IDC Believes Third-Party Support Portals Present Opportunities for Traditional Support Organizations
FRAMINGHAM, MA – JANUARY 8, 2001 – Third-party support portals are one of the latest phenomena to impact the services market. This trend involves Internet destination sites where a third party (not a software vendor or a hardware vendor) provides technical support information on software and hardware technologies, using a variety of methods and tools, often charging on a per-incident basis. IDC believes these third-party portals have the potential to generate more than $4 billion in worldwide revenues in 2004, up from a mere $150 million in 1999. While other players in the support market may be concerned these new portals pose a threat, IDC believes they should be viewed as an opportunity.
"Vendors can outsource routine questions to the support portal and focus their internal resources on higher-level, higher-value types of support," said Ana Volpi, manager of IDC’s Software Support and Integration Services program. "Additionally, vendors will have more resources to focus on true proactive support – otherwise known as training."
IDC believes a number of factors are increasing overall need for technology support. One major factor is the declining price of computers, which is making them more widely available to users with a lower skill level. Additionally, businesses have an increasing number of critical processes tied into technology and need support to be available around the clock.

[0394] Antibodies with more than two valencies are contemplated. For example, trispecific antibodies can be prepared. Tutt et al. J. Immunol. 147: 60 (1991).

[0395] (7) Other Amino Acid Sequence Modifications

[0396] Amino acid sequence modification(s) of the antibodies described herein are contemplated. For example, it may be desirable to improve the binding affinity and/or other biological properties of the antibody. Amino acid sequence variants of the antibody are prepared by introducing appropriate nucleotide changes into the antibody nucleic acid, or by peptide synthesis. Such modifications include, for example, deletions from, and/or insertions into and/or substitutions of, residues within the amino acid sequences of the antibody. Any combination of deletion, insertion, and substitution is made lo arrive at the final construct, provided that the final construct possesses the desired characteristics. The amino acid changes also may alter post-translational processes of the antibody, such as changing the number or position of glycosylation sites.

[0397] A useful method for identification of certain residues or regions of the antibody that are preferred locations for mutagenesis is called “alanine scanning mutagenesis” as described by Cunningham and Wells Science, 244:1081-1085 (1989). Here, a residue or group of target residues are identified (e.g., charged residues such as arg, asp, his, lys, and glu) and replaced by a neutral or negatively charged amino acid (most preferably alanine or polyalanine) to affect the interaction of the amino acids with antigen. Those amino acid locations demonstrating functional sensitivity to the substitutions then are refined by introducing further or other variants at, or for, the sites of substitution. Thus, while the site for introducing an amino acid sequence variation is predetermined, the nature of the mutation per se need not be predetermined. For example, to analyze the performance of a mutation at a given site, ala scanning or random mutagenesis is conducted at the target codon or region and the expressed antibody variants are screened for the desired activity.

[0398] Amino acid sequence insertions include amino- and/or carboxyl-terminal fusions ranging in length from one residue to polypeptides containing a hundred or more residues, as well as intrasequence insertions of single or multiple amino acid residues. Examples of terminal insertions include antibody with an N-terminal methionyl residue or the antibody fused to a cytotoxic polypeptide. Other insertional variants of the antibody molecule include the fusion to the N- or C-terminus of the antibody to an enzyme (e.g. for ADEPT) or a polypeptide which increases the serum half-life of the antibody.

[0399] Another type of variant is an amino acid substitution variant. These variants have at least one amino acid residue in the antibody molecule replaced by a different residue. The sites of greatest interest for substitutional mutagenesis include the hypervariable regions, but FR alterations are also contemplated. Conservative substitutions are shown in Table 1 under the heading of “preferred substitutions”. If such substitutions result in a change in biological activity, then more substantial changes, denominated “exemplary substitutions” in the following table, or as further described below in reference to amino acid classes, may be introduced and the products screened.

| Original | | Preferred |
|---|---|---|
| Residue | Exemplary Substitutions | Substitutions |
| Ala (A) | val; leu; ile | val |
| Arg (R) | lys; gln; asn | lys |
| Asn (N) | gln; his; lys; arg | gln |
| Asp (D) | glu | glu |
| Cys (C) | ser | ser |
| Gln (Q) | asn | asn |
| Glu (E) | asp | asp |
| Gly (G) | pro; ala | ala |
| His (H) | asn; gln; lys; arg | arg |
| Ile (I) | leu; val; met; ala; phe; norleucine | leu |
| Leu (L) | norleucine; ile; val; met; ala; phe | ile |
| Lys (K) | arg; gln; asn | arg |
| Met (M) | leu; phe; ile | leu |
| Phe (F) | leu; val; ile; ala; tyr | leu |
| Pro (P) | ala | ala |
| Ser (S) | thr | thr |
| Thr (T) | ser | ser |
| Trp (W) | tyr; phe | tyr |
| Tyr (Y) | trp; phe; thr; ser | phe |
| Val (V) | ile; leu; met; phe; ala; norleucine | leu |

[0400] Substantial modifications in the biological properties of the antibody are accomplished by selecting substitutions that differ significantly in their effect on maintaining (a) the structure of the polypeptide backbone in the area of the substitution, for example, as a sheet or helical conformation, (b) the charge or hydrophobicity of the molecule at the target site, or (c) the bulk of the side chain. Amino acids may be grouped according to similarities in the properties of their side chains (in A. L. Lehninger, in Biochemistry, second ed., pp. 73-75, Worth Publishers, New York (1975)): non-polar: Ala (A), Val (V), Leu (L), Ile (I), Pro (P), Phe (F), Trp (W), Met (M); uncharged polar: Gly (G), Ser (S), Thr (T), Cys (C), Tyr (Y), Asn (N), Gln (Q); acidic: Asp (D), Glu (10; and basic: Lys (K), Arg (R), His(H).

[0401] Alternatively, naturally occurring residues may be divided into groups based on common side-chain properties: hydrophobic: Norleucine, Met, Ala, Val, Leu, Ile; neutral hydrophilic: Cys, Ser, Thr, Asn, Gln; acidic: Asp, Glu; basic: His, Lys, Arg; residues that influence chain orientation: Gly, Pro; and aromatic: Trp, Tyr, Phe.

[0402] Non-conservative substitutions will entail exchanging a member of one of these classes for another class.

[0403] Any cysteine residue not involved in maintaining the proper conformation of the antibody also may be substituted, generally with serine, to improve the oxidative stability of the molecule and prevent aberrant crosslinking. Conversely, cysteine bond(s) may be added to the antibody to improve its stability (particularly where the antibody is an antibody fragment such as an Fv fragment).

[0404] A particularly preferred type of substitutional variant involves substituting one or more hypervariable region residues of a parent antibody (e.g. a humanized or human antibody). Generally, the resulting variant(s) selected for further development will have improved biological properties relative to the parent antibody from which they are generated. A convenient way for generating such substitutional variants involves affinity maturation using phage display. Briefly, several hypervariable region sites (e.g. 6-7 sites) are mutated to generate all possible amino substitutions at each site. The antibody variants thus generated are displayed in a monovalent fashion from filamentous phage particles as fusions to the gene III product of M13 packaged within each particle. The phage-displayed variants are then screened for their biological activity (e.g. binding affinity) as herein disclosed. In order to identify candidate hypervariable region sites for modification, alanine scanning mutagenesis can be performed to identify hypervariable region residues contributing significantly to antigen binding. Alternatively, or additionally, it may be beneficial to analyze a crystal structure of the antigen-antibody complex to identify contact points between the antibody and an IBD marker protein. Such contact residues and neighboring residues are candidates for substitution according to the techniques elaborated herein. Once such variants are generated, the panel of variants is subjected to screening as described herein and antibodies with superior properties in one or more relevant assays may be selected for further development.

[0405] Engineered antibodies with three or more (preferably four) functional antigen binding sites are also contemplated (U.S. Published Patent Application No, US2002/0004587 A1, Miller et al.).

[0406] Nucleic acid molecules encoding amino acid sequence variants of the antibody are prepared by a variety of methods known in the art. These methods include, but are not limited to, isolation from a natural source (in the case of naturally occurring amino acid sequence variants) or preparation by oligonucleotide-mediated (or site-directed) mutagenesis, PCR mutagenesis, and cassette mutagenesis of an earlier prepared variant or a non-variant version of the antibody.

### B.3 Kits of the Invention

It is this need for 24×7 support that is a major driver in the support portal market. "Third-party support portals offer self-help, automated help, and assisted help, all in one location that is always available, from any Internet connected computer, at any time," Volpi said. "This type of support is also faster, more efficient, and more cost-effective than traditional methods."
IDC recently published Third-Party Support Portals and the Impact of Changing Business Models on the Support Market (IDC #B23074). This report analyzes the market for third-party support portals. It forecasts revenues these portals will generate through 2004. IDC segments the market into the following categories: content providers, matchmaking services, guaranteed interaction, and evolved call center. Characteristics, strengths, and weaknesses of each segment are discussed. Additionally the report profiles the following vendors: All.com, AnswerTeam, EXP.com, Expertcity, Experts Exchange, HotDispatch, ePeople, PCsupport.com, Service911, and TechKnow-how.
To purchase this report, contact Jim Nagle at 1-800-343-4952, extension 4549, or at email@example.com.
IDC is the foremost global market intelligence and advisory firm helping clients gain insight into technology and ebusiness trends to develop sound business strategies. Using a combination of rigorous primary research, in-depth analysis, and client interaction, IDC forecasts worldwide markets and trends to deliver dependable service and client advice. More than 700 analysts in 43 countries provide global research with local content. IDC's customers comprise the world's leading IT suppliers, IT organizations, ebusiness companies and the financial community. Additional information can be found at www.idc.com.
IDC is a division of IDG, the world's leading IT media, research and exposition company.
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